In the market to plan an offbeat family vacation? If you haven’t heard much of Lancaster or have overlooked the city before this, you may want pinch yourself for missing an opportunity to visit a great city with lots of opportunities.
Luckily, it’s never too late. Here’s why you may want to put Lancaster on your list of desired cities. And who knows? You may even end up becoming one of its many content residents!
Rich Character Within A Historic Settlement
Nestled in South Central Pennsylvania, Lancaster serves up rich historic character as one of the oldest U.S. inland towns and one of the biggest settlements for the Amish community. Lancaster has also fought back against different economic downturns by transitioning itself into the perfect destination for travelers thanks to a myriad of sightseeing opportunities.
The best way to explore this charming town is to walk around because you never know what might catch your eye. Featuring a number of historical landmarks, art exhibits, museums and famous estates, culture buffs may end up settling here after a vacation because there’s just so much to explore.
A Brief History
Lancaster and the surrounding area formed part of the Penn Woods Charter, granted to William Penn in 1681. The city itself was designed by James Hamilton. It was incorporated as a city in 1818. Lancaster’s early settlers included many migrants from Europe, mostly from Germany, Scotland and Ireland. Several Lancaster residents also have Puerto Rican ancestry.
Originally known as Hickory Town, Lancaster was named by John Wright after the English town with the same name. The city’s symbol, a red rose, has been taken from the House of Lancaster, an ancient British family.
Once the revolution in America was over, Lancaster became a hub for iron foundries with the famous Pennsylvania long rifle and the Conestoga wagon manufactured here.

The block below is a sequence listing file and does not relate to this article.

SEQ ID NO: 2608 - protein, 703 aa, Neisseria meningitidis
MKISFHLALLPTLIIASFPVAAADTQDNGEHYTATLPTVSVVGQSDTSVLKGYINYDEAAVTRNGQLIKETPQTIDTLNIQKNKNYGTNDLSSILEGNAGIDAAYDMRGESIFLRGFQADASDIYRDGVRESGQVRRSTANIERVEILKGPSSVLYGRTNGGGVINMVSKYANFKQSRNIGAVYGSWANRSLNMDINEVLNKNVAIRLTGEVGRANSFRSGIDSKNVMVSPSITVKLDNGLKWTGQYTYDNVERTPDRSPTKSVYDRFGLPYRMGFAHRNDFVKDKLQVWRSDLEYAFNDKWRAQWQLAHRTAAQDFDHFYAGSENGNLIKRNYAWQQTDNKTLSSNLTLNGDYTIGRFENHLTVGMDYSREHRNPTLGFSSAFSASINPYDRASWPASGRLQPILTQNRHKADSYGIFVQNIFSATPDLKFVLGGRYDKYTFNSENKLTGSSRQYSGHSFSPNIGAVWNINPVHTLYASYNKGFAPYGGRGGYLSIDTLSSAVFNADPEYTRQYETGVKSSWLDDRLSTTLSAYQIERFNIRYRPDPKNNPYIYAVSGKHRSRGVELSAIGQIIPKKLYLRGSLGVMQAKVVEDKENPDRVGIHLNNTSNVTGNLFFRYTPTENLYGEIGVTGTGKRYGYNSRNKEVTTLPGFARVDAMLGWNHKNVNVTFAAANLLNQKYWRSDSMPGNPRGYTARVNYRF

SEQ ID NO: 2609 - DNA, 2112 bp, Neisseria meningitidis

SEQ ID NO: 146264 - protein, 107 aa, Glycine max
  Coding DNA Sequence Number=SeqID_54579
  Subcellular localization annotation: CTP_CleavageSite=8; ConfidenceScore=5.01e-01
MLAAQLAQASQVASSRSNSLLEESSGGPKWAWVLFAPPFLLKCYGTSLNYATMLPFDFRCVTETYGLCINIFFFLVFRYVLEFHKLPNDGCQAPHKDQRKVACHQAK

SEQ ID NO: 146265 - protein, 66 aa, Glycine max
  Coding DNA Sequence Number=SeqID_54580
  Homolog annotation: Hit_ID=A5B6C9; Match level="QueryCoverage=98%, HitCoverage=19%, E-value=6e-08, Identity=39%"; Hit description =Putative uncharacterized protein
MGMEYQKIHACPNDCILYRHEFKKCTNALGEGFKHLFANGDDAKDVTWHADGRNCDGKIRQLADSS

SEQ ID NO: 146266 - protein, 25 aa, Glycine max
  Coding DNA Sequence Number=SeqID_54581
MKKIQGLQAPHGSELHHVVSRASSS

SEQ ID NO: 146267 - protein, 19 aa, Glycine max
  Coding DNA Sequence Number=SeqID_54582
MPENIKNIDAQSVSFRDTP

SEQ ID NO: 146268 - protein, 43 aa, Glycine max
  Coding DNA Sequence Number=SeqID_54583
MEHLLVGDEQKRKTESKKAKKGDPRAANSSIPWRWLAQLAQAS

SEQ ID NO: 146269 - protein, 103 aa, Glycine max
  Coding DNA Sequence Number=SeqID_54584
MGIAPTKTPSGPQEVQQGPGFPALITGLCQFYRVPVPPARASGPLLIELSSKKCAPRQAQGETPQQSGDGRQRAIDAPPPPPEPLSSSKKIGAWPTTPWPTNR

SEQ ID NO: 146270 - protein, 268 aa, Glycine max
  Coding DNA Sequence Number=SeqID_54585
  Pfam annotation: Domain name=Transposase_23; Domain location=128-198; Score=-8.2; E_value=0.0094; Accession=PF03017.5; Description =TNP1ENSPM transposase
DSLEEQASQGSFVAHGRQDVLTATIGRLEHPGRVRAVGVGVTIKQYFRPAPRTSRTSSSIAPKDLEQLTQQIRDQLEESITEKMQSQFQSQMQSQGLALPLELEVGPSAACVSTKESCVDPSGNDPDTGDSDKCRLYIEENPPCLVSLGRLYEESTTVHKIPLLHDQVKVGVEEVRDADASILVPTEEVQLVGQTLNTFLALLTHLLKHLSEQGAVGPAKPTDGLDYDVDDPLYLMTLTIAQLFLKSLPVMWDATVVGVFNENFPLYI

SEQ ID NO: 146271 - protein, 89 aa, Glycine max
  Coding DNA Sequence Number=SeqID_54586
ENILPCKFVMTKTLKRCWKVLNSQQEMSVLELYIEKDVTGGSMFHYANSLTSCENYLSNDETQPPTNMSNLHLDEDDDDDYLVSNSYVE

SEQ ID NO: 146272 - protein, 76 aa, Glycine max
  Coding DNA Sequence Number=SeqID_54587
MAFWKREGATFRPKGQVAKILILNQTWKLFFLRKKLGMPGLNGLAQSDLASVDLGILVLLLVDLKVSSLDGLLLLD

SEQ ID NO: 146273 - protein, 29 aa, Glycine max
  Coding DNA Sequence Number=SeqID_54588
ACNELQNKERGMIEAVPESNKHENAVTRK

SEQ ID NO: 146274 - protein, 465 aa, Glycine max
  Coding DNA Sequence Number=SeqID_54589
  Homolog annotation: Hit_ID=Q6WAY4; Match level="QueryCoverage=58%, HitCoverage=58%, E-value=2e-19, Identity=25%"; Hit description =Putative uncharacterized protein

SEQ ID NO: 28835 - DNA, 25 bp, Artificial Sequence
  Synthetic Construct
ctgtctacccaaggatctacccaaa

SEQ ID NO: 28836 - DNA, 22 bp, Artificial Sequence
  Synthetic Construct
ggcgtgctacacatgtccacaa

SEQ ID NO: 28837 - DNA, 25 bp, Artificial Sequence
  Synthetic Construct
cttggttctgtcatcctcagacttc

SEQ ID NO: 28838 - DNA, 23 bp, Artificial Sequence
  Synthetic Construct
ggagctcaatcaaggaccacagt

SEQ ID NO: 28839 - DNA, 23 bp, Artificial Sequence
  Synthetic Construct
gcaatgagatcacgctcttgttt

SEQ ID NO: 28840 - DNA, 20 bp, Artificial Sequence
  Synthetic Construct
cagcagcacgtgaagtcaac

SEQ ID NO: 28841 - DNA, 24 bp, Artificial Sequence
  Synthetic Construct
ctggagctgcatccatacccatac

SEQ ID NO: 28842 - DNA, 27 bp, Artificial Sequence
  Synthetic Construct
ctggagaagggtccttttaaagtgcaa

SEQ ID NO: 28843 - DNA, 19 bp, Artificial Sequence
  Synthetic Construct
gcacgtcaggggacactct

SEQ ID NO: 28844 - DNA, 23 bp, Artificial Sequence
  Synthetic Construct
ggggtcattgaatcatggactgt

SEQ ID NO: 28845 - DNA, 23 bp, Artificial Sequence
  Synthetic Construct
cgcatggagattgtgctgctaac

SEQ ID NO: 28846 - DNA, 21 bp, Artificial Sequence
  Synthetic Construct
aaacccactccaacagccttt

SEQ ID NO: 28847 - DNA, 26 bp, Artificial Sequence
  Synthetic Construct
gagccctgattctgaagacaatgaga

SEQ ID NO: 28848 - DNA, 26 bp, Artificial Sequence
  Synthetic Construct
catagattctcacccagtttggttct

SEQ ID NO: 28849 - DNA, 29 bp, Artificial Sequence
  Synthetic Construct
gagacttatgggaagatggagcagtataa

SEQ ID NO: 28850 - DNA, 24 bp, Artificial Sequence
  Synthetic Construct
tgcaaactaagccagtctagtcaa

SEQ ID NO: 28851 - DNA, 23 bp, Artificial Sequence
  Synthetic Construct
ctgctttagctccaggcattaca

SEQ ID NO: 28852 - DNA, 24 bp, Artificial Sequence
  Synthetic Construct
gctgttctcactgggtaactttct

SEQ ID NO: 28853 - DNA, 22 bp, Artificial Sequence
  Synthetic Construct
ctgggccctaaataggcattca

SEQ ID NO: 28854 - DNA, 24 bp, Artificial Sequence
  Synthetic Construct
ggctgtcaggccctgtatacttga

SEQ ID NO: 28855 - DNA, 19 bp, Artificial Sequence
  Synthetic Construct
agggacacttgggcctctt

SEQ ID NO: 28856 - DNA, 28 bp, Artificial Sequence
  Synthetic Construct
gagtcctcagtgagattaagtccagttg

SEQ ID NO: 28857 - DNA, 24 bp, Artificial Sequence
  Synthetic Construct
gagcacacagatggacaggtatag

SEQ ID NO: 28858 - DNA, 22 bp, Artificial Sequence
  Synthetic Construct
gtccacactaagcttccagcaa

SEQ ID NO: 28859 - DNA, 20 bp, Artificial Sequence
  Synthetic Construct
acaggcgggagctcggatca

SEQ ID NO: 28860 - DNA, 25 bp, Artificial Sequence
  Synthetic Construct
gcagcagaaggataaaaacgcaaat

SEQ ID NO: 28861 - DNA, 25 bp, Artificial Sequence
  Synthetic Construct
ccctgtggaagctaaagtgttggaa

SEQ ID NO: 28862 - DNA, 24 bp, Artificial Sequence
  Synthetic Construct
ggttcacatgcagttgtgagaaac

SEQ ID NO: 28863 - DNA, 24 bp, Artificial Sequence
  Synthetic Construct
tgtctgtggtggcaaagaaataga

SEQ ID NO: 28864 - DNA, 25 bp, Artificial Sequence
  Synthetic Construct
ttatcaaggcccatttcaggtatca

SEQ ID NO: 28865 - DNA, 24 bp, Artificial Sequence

Other Interesting Historical Facts
James Buchanan, the 15th President of the United States called Lancaster home. His estate, Wheatland, remains one of the top visitor sites in the region,
Abolitionist Thaddeus Stevens had a law practice in Lancaster. He later became a powerful member of the U.S. House of Representatives in the 1860’s. He fiercely opposed slavery and worked to secure the rights of African Americans after the Civil War.
Lancaster has been both the National capitol and the state capitol at different times in its history. The city was the US Capitol for a day during the American Revolution, September 27th, 1777. And from 1799 to 1812, Lancaster served as the capitol of Pennsylvania.
Last but certainly not least, “Peeps”, the brightly colored, marshmallow chicks, were invented in Lancaster in the 1920’s by the Rodda Candy Company.
A Visual Guide Into The Physical Characteristics
Lancaster is set against the backdrop of gentle rolling hills, open parklands, and tree-lined streets. Amish farmland exists just outside the city limits, taking visitors back to a time of simplicity.Warm and humid summers with mild winters make this city conducive to visitors and residents like.
Just 70 miles from Philadelphia and 55 miles from Baltimore, Lancaster enjoys a conveniently accessible location, which makes it very attractive to businesses and potential residents. The city retains a small town charm and offers a lower cost of living which make it a great place to call home.